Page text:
Yen Advances as Risk Appetite Ebbs on Chinese Data; Pound Drops

The yen gained versus 10 of its 16 major peers as appetite for riskier assets cooled after China reported the biggest trade deficit in two years and the slowest rise in consumer prices in 13 months.

Sterling fell as Bank of England Deputy Governor Charlie Bean said further strength in the currency may hamper the U.K.’s economic recovery. Australia’s dollar dropped against most major peers after China, the nation’s biggest trade partner, said March 8 exports slid. Ukraine began military drills as Russian forces tightened their hold on the Crimean peninsula. A gauge of foreign-exchange volatility was at almost the lowest since 2012.

Markets are “slightly risk-off indeed, mostly on the back of weak China data over the weekend,” said Masafumi Takada, a director at BNP Paribas SA in New York. There’s “nothing really new on Ukraine stuff, but obviously yen is one of the few currencies you can buy in an uncertain market.”

The yen gained as much as 0.6 percent to 142.44 per euro before trading little changed at 143.30 at 5 p.m. in New York. The Japanese currency traded little changed at 103.26 per dollar, and climbed 0.5 percent to 93.14 per Australian dollar. Europe’s shared currency traded at $1.3875.

The Aussie dropped 0.5 percent to 90.23 U.S. cents after advancing to 91.33 cents on March 7, the strongest since Dec. 11. The pound weakened 0.4 percent to 83.37 pence per euro and fell 0.4 percent to $1.6645.

Deutsche Bank AG’s Currency Volatility Index, a gauge of future price swings, was at 7.28 percent after dropping to 7.25 percent on Feb. 25, the least since December 2012.

Chinese Exports

China’s exports unexpectedly fell 18.1 percent in February from a year earlier, customs data showed March 8, compared with a forecast for an increase of 7.5 percent in a Bloomberg News survey. Imports rose 10.1 percent, leaving a trade deficit of $23 billion, the report showed.

Consumer prices in the world’s second-largest economy rose 2 percent in February, the least since January 2013.

The People’s Bank of China cut the yuan’s reference rate by 0.18 percent, the most since July 2012. The currency declined 0.2 percent to 6.1385 per dollar, according to China Foreign Exchange Trade System prices.

“We’ve peeled back on the Aussie, but it hasn’t really fallen back that far,” said Steve Barrow, London-based head of Group-of-10 research at Standard Bank Plc. “In Europe, we’re seeing pretty low currency volatility and the markets seem quite hemmed in.”

Biggest Loser

The Aussie tumbled 14 percent in the past 12 months, the worst performer of 10 developed-nation currencies tracked by Bloomberg Correlation-Weighted indexes, amid signs of a slowdown in China. The euro gained 6.9 percent, while the dollar declined 0.6 percent.

“AUD is trading lower in the wake of the disappointing trade release from China, likely reflecting fears on possible slowing in Chinese demand for Australian exports,” Todd Elmer, a Singapore-based currency strategist at Citigroup Inc., wrote in an e-mailed note to clients. “Chasing AUD weakness on the Chinese data may not be warranted,” he said, as the links between the nations’ economies may have weakened.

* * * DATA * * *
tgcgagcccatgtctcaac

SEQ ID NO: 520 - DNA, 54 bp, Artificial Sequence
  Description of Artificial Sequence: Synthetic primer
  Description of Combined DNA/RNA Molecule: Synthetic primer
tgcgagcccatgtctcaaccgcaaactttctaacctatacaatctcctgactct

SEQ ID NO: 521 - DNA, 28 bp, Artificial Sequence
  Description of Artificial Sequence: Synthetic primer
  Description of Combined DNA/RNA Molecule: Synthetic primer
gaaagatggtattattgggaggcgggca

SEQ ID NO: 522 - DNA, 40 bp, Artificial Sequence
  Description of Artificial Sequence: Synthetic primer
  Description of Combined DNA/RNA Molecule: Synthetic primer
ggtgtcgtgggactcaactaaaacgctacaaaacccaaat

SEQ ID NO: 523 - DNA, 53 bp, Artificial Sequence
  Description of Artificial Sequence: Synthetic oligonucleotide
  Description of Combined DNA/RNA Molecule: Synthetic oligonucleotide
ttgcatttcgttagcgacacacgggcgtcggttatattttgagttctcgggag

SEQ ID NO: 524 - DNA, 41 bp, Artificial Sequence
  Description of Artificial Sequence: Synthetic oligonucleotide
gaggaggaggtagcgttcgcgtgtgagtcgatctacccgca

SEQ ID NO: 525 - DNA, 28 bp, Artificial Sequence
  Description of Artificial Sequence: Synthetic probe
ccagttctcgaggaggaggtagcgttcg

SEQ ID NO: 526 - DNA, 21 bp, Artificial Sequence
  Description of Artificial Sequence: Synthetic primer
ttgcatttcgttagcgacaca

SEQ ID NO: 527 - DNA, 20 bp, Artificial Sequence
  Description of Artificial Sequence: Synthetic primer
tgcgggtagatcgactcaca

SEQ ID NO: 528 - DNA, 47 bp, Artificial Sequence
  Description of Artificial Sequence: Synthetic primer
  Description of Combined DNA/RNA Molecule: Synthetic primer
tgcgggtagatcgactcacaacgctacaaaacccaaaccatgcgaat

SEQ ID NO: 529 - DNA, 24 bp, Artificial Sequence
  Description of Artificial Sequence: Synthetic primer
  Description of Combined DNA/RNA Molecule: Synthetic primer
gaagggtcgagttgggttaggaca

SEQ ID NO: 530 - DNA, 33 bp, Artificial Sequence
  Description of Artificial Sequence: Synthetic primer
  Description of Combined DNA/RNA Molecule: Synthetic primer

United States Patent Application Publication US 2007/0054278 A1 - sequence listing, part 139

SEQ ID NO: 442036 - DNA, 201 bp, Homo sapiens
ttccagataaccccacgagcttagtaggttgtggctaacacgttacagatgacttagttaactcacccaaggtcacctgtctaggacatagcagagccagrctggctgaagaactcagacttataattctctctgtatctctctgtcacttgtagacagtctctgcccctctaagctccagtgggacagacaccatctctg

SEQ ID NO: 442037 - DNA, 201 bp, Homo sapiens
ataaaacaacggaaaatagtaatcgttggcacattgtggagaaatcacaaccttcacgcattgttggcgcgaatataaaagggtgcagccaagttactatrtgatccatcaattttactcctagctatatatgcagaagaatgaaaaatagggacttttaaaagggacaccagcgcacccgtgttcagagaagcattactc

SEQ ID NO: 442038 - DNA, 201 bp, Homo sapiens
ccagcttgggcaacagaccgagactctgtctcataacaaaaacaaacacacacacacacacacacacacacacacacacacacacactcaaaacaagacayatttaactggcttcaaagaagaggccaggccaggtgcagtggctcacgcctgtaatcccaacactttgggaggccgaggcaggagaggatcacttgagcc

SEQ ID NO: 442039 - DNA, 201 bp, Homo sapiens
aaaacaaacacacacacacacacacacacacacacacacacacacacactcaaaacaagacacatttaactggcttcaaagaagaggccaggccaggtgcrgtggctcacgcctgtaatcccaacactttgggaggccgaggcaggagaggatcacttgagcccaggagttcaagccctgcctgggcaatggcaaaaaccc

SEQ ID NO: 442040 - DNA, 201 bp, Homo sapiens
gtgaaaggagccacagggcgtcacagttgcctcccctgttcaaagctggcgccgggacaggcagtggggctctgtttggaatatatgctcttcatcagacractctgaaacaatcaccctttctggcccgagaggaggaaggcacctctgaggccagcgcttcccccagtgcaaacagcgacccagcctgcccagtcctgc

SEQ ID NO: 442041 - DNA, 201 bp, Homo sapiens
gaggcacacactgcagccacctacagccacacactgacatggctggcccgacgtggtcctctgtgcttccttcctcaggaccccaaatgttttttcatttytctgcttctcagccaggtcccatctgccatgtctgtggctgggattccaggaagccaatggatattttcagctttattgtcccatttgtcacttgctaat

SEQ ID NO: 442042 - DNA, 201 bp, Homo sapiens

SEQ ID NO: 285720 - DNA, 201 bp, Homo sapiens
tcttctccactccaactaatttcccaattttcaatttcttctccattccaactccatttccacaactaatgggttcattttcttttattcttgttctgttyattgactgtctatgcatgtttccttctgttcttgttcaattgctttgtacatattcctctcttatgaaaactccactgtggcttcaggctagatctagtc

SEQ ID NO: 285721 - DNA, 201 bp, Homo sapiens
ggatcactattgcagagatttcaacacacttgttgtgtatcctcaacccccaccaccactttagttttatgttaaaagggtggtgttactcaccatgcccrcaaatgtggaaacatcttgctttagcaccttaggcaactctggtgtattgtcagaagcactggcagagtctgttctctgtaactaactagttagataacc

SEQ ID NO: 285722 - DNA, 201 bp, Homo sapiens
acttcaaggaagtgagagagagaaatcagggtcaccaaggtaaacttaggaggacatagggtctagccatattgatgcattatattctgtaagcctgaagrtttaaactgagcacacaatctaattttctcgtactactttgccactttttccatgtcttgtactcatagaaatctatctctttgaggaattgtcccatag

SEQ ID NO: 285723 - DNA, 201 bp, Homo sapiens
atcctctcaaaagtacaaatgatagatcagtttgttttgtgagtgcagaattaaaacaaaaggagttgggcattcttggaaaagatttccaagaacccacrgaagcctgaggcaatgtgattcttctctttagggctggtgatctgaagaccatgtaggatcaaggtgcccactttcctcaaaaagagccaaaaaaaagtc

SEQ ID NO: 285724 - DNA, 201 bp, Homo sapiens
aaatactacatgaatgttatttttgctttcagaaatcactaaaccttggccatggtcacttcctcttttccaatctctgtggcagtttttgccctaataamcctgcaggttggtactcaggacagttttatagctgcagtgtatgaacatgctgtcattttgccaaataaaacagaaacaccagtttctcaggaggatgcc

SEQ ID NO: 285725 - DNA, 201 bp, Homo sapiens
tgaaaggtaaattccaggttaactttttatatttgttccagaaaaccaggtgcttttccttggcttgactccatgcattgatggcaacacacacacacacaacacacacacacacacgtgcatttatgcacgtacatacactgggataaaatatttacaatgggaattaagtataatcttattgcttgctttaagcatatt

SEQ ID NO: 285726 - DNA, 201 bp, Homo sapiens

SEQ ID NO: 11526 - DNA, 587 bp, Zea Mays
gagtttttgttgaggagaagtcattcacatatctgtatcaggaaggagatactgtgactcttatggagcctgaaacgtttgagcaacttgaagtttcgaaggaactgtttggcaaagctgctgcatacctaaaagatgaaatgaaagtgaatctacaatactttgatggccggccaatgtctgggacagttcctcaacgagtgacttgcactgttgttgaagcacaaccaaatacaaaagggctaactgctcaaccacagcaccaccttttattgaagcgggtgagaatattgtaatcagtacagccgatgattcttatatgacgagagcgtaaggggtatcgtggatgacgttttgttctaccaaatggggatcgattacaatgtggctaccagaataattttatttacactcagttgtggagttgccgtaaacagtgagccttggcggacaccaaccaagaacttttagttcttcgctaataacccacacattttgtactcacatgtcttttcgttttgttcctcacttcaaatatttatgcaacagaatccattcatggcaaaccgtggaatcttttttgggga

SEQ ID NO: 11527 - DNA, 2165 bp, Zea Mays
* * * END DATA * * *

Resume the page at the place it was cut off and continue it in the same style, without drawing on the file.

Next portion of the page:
Mexico’s peso weakened from the strongest in seven weeks. The currency depreciated 0.2 percent to 13.215 per dollar after reaching 13.1091 on March 7, the strongest since Jan. 15.

Dollar Gains

The Bloomberg Dollar Spot Index rose for a second day amid speculation the world’s biggest economy is building momentum. The gauge, which tracks the greenback against 10 major counterparts, advanced 0.1 percent to 1,017.75. It fell to as low as 1,012.27 on March 7, the least since Dec. 11, before reversing losses after a U.S. jobs report.

The Labor Department data on March 7 showed U.S. employers added more workers in February than economists projected, indicating the economy is starting to recover from a weather-induced setback. The 175,000-job increase in employment compared with a forecast of 149,000 and followed a revised 129,000 gain in January.

U.S. retail sales increased 0.2 percent last month after a 0.4 percent drop in January, and an index of consumer confidence rose in March after declining in February, economists surveyed by Bloomberg forecast before data this week.

UBS AG Chairman Axel Weber said he expects the euro and yen to weaken against the dollar because the world’s three major central banks are on different paths.

‘New Phase’

The Bank of Japan, the European Central Bank, and the U.S. Federal Reserve have entered a “new phase,” Weber, a former president of Germany’s Bundesbank, said in an interview with Bloomberg Television. The Fed has started to allow interest rates to rise by reducing its bond purchases and will continue to do so, he said.

Weber said the U.S. will probably increase interest rates some time next year. UBS, Switzerland’s biggest bank, expects the euro to weaken against the dollar “in the long term,” according to Weber. The bank expects the yen to fall “strongly” against the dollar, he said.

The Fed is reducing bond purchases that were designed to hold down long-term borrowing costs, citing economic gains. Policy makers have cut the monthly buying to $65 billion this year, from $85 billion last year, and said the program may conclude by year-end if the economy continues to improve.

The U.S. central bank has kept its benchmark interest-rate target in a range of zero to 0.25 percent since 2008.

Ukraine’s armed forces are testing the combat-readiness of troops, the Defense Ministry said today on its website, reiterating the government’s desire for a peaceful end to the standoff in the former Soviet republic’s eastern provinces.

Russia, which has vowed to defend the ethnic Russians that dominate Crimea after an uprising in Kiev, accused Ukraine of ignoring radicals in the nation’s east.

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